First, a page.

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Photo#205580
Beetle ID Request - Pseudocneorhinus bifasciatus

Beetle ID Request - Pseudocneorhinus bifasciatus
Herring Run Park, Baltimore City County, Maryland, USA
July 15, 2008
Observed on Japanese Knotweed [Reynoutria japonica.]

Images of this individual: tag all
Beetle ID Request - Pseudocneorhinus bifasciatus Beetle ID Request - Pseudocneorhinus bifasciatus

Moved
Moved from Pseudocneorhinus.

Moved

Twobanded Japanese Weevil also
Pseudocneorhinus bifasciatus Roelofs, just a less strongly marked individual.

 
Good
thing it chooses to eat this plant and multiflora rose -- both from Asia.

 
There are not
nearly enough things that eat multiflora rose.

 
If
it is true that a journey of a thousand miles begins with one step, then can it be argued that effective biocontrol of an overly vigorous plant species begins with one faunal association -- such as this one?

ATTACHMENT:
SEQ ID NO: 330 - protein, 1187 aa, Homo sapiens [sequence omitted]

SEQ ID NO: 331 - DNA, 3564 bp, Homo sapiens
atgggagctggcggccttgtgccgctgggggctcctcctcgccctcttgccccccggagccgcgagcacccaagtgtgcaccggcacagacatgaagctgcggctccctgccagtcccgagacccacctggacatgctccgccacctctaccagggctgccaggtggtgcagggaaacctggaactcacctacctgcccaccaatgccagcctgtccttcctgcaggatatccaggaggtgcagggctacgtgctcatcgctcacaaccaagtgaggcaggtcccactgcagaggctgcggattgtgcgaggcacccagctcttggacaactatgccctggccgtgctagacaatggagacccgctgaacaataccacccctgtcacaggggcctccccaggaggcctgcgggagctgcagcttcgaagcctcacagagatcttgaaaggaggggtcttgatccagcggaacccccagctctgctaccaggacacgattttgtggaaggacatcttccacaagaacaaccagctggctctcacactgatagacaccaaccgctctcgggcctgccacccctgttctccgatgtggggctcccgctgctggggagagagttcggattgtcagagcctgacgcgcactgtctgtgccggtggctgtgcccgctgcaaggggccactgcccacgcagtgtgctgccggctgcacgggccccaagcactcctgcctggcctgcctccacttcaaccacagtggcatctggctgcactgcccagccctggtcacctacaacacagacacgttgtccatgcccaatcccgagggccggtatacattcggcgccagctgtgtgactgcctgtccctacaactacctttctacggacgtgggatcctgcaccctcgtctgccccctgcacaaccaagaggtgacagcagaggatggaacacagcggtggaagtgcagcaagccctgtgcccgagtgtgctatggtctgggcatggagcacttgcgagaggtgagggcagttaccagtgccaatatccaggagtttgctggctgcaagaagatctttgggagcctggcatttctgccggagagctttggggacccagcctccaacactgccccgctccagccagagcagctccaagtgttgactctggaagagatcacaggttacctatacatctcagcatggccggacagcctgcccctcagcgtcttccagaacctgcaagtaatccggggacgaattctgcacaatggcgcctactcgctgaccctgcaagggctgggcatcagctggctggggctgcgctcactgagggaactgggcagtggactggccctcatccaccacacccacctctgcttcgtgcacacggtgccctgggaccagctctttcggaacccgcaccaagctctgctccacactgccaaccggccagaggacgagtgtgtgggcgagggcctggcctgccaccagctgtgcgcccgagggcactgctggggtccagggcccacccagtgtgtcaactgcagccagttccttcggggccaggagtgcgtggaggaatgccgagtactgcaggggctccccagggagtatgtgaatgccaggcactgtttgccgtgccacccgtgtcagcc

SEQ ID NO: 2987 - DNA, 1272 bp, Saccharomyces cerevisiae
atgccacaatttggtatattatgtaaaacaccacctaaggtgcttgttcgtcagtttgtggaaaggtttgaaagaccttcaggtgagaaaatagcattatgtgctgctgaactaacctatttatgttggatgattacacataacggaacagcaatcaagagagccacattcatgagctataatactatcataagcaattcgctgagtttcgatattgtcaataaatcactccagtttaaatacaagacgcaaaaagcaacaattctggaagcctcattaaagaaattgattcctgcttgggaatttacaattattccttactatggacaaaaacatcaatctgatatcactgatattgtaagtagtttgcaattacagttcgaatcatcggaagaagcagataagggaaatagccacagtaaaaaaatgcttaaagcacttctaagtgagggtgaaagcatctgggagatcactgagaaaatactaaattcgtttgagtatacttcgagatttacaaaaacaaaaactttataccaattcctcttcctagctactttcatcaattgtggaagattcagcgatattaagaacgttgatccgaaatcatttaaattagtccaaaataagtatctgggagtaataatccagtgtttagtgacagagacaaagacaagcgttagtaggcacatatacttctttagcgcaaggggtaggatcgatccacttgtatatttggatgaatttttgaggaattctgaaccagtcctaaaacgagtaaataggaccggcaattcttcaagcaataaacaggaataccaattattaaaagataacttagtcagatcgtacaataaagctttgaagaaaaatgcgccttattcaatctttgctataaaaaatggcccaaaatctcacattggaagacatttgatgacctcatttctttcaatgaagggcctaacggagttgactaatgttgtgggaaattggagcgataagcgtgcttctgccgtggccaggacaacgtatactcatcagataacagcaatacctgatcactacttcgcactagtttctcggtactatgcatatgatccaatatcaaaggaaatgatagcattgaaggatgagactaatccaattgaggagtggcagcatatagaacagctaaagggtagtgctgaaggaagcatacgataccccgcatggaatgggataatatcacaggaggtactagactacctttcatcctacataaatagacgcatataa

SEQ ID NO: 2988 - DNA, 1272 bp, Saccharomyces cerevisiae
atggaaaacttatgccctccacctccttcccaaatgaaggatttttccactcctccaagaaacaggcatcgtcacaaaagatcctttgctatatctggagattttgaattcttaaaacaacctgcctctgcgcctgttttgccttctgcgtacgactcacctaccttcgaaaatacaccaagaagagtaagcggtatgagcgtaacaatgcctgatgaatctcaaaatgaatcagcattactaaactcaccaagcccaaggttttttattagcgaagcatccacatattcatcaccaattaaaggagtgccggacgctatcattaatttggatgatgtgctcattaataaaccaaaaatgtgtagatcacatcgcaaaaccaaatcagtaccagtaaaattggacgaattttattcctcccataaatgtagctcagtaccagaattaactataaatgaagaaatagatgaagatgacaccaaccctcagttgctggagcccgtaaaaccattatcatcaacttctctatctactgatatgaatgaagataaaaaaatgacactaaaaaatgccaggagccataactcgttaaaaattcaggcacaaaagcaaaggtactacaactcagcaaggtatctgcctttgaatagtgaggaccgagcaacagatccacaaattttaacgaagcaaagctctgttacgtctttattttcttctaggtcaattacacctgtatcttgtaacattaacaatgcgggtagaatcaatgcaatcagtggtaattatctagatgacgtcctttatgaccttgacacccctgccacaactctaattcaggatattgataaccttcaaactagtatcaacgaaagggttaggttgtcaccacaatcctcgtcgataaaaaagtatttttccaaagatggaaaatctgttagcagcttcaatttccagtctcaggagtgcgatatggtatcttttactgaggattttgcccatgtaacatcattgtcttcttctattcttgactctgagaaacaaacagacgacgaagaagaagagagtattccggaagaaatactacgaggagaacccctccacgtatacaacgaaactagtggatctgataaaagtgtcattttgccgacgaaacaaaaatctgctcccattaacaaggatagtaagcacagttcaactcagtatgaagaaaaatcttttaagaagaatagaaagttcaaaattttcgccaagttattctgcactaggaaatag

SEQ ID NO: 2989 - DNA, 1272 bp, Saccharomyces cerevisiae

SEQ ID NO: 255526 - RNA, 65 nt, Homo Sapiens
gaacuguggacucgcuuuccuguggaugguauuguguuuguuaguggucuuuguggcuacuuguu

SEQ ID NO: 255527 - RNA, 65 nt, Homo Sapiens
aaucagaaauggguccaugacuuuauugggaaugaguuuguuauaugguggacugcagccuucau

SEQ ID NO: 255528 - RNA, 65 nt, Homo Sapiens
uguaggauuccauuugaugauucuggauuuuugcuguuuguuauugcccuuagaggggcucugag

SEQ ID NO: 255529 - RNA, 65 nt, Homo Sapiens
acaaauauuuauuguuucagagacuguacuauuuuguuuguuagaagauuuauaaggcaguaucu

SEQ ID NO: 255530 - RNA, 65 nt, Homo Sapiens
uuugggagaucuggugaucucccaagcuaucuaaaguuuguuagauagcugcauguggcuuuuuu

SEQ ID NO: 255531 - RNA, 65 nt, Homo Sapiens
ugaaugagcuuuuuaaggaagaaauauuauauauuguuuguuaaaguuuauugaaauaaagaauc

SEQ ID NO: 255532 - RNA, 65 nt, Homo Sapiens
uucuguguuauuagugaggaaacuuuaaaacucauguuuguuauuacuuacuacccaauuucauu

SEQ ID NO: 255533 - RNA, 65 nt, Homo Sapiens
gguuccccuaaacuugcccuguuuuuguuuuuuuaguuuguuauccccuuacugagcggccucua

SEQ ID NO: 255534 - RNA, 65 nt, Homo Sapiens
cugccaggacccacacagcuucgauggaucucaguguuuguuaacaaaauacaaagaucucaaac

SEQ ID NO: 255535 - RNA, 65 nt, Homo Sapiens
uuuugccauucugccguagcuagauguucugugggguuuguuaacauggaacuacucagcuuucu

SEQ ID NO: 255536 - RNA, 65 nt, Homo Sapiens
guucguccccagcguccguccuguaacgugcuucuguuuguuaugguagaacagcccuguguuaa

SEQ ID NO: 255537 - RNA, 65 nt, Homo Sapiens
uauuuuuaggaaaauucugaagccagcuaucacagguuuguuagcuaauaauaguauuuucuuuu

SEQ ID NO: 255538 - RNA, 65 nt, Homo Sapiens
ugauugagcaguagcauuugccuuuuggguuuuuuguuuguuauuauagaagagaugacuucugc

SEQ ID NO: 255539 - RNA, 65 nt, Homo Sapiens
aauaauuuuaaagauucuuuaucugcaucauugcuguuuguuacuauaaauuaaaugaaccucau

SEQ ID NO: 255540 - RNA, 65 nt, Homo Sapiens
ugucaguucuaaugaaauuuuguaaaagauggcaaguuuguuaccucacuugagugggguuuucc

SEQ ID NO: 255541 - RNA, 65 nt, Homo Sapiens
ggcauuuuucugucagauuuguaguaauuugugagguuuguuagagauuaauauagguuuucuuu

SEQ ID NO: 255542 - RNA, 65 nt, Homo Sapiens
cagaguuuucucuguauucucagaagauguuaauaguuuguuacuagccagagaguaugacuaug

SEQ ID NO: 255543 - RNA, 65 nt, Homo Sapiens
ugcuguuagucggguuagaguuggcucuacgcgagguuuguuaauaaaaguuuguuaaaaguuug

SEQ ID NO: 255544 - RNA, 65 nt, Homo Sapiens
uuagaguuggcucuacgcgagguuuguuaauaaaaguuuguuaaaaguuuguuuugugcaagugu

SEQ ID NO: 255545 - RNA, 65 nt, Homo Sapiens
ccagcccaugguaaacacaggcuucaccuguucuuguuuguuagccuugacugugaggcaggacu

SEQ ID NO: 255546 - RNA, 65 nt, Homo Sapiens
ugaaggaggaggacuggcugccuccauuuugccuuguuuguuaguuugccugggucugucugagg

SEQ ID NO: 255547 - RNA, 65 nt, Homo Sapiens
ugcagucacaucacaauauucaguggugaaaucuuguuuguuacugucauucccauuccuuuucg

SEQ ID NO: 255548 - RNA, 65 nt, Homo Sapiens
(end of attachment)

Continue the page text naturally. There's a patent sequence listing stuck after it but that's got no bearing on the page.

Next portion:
Unfortunately,
it doesn't confine its appetite to multiflora rose: The twobanded Japanese weevil attacks a broad range of hosts, including "cherry laurel, broad-leaved evergreens, pyracantha, privet, barberry, euonymus, and many others" (Day 2003); forsythia, lilac, strawberry but not grasses (Allen 1959); mountain laurel, great rhododendron, multiflora rose, Allegheny blackberry, American bittersweet, flowering dogwood, gray dogwood, bittersweet nightshade (Maier 1983, 1986). The Florida specimens were collected sweeping in a soybean field. Wheeler and Boyd (2005) called it "an important pest of landscape plantings in the northeastern and midwestern" states, but noted that it has "received scant attention in the Southeast."

http://www.doacs.state.fl.us/pi/enpp/ento/japaneseweevil.html

 
If
I had the time, space, and will to do it, I would like to monitor which insects utilize a patch of Reynoutria japonica here locally -- including but not limited to leaf mining insects and pollinators.

For a plant with such a large stature and abundant production I would imagine it can support a lot of life and many lifeforms.

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